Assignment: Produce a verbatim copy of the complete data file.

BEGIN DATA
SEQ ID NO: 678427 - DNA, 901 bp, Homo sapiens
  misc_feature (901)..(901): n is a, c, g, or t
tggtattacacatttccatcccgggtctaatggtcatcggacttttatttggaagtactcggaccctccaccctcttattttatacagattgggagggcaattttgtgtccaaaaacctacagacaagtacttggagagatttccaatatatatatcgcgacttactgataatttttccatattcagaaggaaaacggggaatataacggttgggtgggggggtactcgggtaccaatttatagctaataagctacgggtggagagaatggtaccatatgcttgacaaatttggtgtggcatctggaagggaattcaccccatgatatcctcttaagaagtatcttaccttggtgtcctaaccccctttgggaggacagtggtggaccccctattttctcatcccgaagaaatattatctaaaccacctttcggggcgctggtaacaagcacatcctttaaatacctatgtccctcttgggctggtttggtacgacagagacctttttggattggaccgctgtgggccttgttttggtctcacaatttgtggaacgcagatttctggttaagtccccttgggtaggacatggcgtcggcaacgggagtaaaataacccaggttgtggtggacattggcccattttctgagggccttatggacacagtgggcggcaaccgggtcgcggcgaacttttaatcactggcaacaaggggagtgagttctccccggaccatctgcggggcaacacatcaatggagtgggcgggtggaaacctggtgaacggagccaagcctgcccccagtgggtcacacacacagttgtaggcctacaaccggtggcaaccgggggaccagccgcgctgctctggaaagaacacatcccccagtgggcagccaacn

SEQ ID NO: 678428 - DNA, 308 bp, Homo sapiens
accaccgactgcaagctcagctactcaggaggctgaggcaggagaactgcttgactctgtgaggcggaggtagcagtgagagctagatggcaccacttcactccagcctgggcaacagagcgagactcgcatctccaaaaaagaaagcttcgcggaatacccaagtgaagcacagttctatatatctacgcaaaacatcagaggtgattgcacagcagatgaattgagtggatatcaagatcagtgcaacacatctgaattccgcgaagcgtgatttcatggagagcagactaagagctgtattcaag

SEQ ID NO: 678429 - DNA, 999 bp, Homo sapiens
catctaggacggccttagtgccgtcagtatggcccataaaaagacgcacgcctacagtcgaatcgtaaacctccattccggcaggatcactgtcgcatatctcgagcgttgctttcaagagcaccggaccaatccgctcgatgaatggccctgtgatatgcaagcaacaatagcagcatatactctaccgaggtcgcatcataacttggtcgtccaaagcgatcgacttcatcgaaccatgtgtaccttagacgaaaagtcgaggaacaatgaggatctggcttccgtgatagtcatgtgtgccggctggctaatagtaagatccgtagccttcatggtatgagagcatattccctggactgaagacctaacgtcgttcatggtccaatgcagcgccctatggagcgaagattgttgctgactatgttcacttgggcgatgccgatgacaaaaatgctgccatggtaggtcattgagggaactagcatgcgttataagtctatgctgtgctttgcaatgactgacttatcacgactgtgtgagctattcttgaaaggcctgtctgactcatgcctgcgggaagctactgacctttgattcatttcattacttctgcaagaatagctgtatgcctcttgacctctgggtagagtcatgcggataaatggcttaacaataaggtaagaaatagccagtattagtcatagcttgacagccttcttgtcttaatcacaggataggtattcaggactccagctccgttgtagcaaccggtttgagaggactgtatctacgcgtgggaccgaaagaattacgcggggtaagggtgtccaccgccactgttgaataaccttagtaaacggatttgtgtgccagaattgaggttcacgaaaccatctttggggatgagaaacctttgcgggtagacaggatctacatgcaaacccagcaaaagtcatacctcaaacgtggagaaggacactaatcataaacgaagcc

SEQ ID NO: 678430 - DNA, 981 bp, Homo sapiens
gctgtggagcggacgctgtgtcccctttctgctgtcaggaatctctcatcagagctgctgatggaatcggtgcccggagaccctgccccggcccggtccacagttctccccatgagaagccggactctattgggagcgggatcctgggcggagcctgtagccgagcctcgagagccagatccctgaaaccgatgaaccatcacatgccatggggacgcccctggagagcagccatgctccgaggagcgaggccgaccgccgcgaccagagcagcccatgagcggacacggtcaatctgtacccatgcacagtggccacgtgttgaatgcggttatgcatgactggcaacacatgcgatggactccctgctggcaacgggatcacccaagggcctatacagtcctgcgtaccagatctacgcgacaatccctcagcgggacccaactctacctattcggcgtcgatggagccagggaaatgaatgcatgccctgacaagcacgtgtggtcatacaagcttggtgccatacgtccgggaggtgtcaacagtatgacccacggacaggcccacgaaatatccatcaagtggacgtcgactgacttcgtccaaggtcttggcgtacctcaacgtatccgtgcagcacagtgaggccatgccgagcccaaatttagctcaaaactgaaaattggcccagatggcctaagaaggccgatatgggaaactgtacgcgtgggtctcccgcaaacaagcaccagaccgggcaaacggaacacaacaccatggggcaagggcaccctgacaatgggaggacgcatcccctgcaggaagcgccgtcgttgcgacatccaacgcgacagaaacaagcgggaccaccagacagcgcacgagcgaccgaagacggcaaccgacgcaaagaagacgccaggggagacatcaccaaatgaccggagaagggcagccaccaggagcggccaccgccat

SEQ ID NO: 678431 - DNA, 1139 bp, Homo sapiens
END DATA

SEQ ID NO: 678427 - DNA, 901 bp, Homo sapiens
  misc_feature (901)..(901): n is a, c, g, or t
tggtattacacatttccatcccgggtctaatggtcatcggacttttatttggaagtactcggaccctccaccctcttattttatacagattgggagggcaattttgtgtccaaaaacctacagacaagtacttggagagatttccaatatatatatcgcgacttactgataatttttccatattcagaaggaaaacggggaatataacggttgggtgggggggtactcgggtaccaatttatagctaataagctacgggtggagagaatggtaccatatgcttgacaaatttggtgtggcatctggaagggaattcaccccatgatatcctcttaagaagtatcttaccttggtgtcctaaccccctttgggaggacagtggtggaccccctattttctcatcccgaagaaatattatctaaaccacctttcggggcgctggtaacaagcacatcctttaaatacctatgtccctcttgggctggtttggtacgacagagacctttttggattggaccgctgtgggccttgttttggtctcacaatttgtggaacgcagatttctggttaagtccccttgggtaggacatggcgtcggcaacgggagtaaaataacccaggttgtggtggacattggcccattttctgagggccttatggacacagtgggcggcaaccgggtcgcggcgaacttttaatcactggcaacaaggggagtgagttctccccggaccatctgcggggcaacacatcaatggagtgggcgggtggaaacctggtgaacggagccaagcctgcccccagtgggtcacacacacagttgtaggcctacaaccggtggcaaccgggggaccagccgcgctgctctggaaagaacacatcccccagtgggcagccaacn

SEQ ID NO: 678428 - DNA, 308 bp, Homo sapiens
accaccgactgcaagctcagctactcaggaggctgaggcaggagaactgcttgactctgtgaggcggaggtagcagtgagagctagatggcaccacttcactccagcctgggcaacagagcgagactcgcatctccaaaaaagaaagcttcgcggaatacccaagtgaagcacagttctatatatctacgcaaaacatcagaggtgattgcacagcagatgaattgagtggatatcaagatcagtgcaacacatctgaattccgcgaagcgtgatttcatggagagcagactaagagctgtattcaag

SEQ ID NO: 678429 - DNA, 999 bp, Homo sapiens
catctaggacggccttagtgccgtcagtatggcccataaaaagacgcacgcctacagtcgaatcgtaaacctccattccggcaggatcactgtcgcatatctcgagcgttgctttcaagagcaccggaccaatccgctcgatgaatggccctgtgatatgcaagcaacaatagcagcatatactctaccgaggtcgcatcataacttggtcgtccaaagcgatcgacttcatcgaaccatgtgtaccttagacgaaaagtcgaggaacaatgaggatctggcttccgtgatagtcatgtgtgccggctggctaatagtaagatccgtagccttcatggtatgagagcatattccctggactgaagacctaacgtcgttcatggtccaatgcagcgccctatggagcgaagattgttgctgactatgttcacttgggcgatgccgatgacaaaaatgctgccatggtaggtcattgagggaactagcatgcgttataagtctatgctgtgctttgcaatgactgacttatcacgactgtgtgagctattcttgaaaggcctgtctgactcatgcctgcgggaagctactgacctttgattcatttcattacttctgcaagaatagctgtatgcctcttgacctctgggtagagtcatgcggataaatggcttaacaataaggtaagaaatagccagtattagtcatagcttgacagccttcttgtcttaatcacaggataggtattcaggactccagctccgttgtagcaaccggtttgagaggactgtatctacgcgtgggaccgaaagaattacgcggggtaagggtgtccaccgccactgttgaataaccttagtaaacggatttgtgtgccagaattgaggttcacgaaaccatctttggggatgagaaacctttgcgggtagacaggatctacatgcaaacccagcaaaagtcatacctcaaacgtggagaaggacactaatcataaacgaagcc

SEQ ID NO: 678430 - DNA, 981 bp, Homo sapiens
gctgtggagcggacgctgtgtcccctttctgctgtcaggaatctctcatcagagctgctgatggaatcggtgcccggagaccctgccccggcccggtccacagttctccccatgagaagccggactctattgggagcgggatcctgggcggagcctgtagccgagcctcgagagccagatccctgaaaccgatgaaccatcacatgccatggggacgcccctggagagcagccatgctccgaggagcgaggccgaccgccgcgaccagagcagcccatgagcggacacggtcaatctgtacccatgcacagtggccacgtgttgaatgcggttatgcatgactggcaacacatgcgatggactccctgctggcaacgggatcacccaagggcctatacagtcctgcgtaccagatctacgcgacaatccctcagcgggacccaactctacctattcggcgtcgatggagccagggaaatgaatgcatgccctgacaagcacgtgtggtcatacaagcttggtgccatacgtccgggaggtgtcaacagtatgacccacggacaggcccacgaaatatccatcaagtggacgtcgactgacttcgtccaaggtcttggcgtacctcaacgtatccgtgcagcacagtgaggccatgccgagcccaaatttagctcaaaactgaaaattggcccagatggcctaagaaggccgatatgggaaactgtacgcgtgggtctcccgcaaacaagcaccagaccgggcaaacggaacacaacaccatggggcaagggcaccctgacaatgggaggacgcatcccctgcaggaagcgccgtcgttgcgacatccaacgcgacagaaacaagcgggaccaccagacagcgcacgagcgaccgaagacggcaaccgacgcaaagaagacgccaggggagacatcaccaaatgaccggagaagggcagccaccaggagcggccaccgccat

SEQ ID NO: 678431 - DNA, 1139 bp, Homo sapiens